I have sailed most types of boats at some time or another, sometimes with quite good results – so I have confidence in my general sailing ability.
My bibles have always been Eric Twiname’s books. They both have the message that anyone can do well at a National level and that improvement comes from changing the way you think. They are possibly out of print but I see them not infrequently in second hand bookstores.
“Start to Win” – goes through the techniques required to handle a boat efficiently.
“Sail, Race and Win” gives examples on how to make the techniques automatic.
The overarching principle is, to improve, spend time on the water practicing. The practice has to be task oriented. If you can get time aside from racing to practice, well and good. If you only ever race it is worthwhile moving the priority from finishing well, to focus on some aspect to improve during the race (eg, one or two of: roll tacking, roll gybing, pumping sail downwind, surfing, sailing boat flat (or windward heeling), sailing in the right direction when looking elsewhere etc).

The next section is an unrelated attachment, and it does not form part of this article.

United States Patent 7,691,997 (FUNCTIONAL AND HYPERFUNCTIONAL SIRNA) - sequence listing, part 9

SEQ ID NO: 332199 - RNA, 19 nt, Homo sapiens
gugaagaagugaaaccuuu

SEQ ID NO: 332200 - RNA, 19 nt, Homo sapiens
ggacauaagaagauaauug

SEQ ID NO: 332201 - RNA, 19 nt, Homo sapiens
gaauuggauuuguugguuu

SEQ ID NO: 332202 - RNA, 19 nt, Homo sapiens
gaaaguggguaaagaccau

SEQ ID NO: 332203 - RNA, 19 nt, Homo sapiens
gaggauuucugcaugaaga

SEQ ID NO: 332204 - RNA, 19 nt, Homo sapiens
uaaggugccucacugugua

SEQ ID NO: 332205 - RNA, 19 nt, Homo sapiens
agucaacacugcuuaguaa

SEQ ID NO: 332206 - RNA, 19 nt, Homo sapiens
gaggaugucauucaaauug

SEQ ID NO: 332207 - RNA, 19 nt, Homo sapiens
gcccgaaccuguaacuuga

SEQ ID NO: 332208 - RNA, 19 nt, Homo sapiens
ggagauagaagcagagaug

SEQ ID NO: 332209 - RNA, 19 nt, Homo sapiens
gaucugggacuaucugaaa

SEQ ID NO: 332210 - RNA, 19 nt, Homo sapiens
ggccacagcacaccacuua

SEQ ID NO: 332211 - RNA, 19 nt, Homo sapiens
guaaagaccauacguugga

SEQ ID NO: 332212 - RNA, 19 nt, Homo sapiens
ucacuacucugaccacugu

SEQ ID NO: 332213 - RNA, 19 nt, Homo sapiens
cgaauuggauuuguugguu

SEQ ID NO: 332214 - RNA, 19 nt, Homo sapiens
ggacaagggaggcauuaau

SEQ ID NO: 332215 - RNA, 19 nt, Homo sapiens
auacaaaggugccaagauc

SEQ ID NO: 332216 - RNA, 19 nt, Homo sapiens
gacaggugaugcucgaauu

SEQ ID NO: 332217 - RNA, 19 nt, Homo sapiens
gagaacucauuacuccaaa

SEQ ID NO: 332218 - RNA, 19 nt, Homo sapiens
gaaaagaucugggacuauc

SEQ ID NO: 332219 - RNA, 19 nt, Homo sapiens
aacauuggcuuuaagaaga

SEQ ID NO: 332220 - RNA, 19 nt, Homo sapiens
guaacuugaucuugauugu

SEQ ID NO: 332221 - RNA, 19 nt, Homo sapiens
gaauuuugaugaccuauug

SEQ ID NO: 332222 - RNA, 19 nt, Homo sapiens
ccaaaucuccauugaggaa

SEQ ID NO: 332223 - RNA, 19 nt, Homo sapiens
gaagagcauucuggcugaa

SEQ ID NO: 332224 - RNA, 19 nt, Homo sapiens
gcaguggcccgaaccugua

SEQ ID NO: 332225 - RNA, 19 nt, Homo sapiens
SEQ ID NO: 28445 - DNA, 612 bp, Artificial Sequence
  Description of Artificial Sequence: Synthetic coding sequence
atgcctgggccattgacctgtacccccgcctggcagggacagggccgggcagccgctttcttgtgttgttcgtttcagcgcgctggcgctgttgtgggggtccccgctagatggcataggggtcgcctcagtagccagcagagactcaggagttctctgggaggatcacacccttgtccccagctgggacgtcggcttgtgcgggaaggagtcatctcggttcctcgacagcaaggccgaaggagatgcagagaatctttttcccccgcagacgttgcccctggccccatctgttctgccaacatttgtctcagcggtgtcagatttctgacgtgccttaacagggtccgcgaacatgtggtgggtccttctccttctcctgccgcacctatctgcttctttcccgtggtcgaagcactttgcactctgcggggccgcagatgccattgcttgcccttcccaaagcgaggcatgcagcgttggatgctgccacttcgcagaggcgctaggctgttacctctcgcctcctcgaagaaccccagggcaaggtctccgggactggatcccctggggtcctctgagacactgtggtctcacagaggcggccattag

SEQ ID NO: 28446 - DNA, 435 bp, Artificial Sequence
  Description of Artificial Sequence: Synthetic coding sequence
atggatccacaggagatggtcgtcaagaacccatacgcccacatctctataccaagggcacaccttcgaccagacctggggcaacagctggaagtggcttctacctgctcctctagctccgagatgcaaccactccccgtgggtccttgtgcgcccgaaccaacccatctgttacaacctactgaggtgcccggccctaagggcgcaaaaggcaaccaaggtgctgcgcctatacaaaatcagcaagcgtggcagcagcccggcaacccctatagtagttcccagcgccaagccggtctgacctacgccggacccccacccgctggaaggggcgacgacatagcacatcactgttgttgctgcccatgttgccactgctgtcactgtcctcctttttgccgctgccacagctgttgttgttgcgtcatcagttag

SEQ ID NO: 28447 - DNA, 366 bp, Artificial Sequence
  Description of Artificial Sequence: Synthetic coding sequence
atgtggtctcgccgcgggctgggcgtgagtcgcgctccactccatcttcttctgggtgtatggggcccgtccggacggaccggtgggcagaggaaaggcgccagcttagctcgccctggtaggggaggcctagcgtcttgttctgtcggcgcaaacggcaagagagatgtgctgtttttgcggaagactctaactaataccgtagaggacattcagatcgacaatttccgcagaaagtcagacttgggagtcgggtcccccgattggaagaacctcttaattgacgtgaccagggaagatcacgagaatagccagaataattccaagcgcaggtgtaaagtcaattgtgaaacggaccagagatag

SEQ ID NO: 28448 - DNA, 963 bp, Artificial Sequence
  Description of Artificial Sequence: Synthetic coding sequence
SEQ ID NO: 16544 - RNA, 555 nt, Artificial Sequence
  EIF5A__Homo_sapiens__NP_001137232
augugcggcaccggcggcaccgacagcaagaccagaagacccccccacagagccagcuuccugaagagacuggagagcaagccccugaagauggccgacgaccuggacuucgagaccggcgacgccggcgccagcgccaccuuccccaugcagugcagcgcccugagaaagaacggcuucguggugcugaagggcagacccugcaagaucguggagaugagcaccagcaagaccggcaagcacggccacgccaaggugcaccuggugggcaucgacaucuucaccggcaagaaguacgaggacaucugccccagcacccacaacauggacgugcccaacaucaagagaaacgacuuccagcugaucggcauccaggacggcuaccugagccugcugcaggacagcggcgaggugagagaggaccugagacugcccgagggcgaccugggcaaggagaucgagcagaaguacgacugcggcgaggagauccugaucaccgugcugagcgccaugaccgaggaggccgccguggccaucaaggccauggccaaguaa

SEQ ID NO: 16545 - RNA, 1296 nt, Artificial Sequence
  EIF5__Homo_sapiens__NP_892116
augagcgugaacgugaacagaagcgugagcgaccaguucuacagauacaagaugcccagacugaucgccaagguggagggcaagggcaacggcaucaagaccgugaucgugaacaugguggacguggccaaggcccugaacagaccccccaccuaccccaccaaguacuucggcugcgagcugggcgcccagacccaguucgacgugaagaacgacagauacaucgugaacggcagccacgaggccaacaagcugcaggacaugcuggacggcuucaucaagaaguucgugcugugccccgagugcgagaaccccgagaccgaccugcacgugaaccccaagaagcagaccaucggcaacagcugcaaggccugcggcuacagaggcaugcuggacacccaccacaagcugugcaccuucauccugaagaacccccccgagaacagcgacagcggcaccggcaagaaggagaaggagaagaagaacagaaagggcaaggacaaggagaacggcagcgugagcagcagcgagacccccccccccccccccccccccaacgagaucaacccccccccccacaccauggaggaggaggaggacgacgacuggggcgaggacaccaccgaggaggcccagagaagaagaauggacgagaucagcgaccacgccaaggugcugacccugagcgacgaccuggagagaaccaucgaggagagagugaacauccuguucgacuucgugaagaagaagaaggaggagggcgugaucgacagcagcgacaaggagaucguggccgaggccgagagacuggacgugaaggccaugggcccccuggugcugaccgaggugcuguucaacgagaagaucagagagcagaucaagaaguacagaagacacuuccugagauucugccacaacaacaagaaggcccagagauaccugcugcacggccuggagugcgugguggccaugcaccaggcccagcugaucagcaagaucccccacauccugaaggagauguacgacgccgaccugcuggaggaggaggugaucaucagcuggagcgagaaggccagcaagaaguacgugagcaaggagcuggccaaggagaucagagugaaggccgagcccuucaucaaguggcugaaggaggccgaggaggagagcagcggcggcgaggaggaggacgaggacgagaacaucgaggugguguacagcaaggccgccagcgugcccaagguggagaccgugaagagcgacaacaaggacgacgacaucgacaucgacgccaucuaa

Most important in order of importance:
1/ Keeping boat flat -the biggest difference between the sailors in the top third of the fleet vs the bottom third. A bit of heel in the very light stuff is OK, but as soon as the boat is moving reliably – flat. Practice by sailing a medium wind race keeping the boat heeling a few degrees to windward upwind and on the reaches and a bit more when running. There are no excuses for not being able to keep the boat dead flat through use of steering and sheeting.
2/ Keeping sail moving – sheet in and out – steer in concert – wind is never static – know how to use the tufts on the sails – they should be flying almost all the time (though they won’t fly on a run).
3/ Being able to set up sail adjustments quickly for changes in wind or point of sail. Texta (permanent marker) marks on boom, mast and control lines when you feel you have been going particularly well. Is it worthwhile to stop just past the windward mark to draw texta lines on your boat when it has been moving well? YOU BET! If concerned about the appearance, put some clear contact film on any areas that you may need to mark beforehand.
Sail Adjustment in General.
Rule One of sail adjustment (and everything else) is watch what the fast guys are doing – how loose is their traveler, outhaul, luff tension, where are they sitting? As I am learning “Sabre Specific Behaviors” I spend the time before the start following the good guys, copying their settings then setting off upwind myself to see if I need more power or pointing.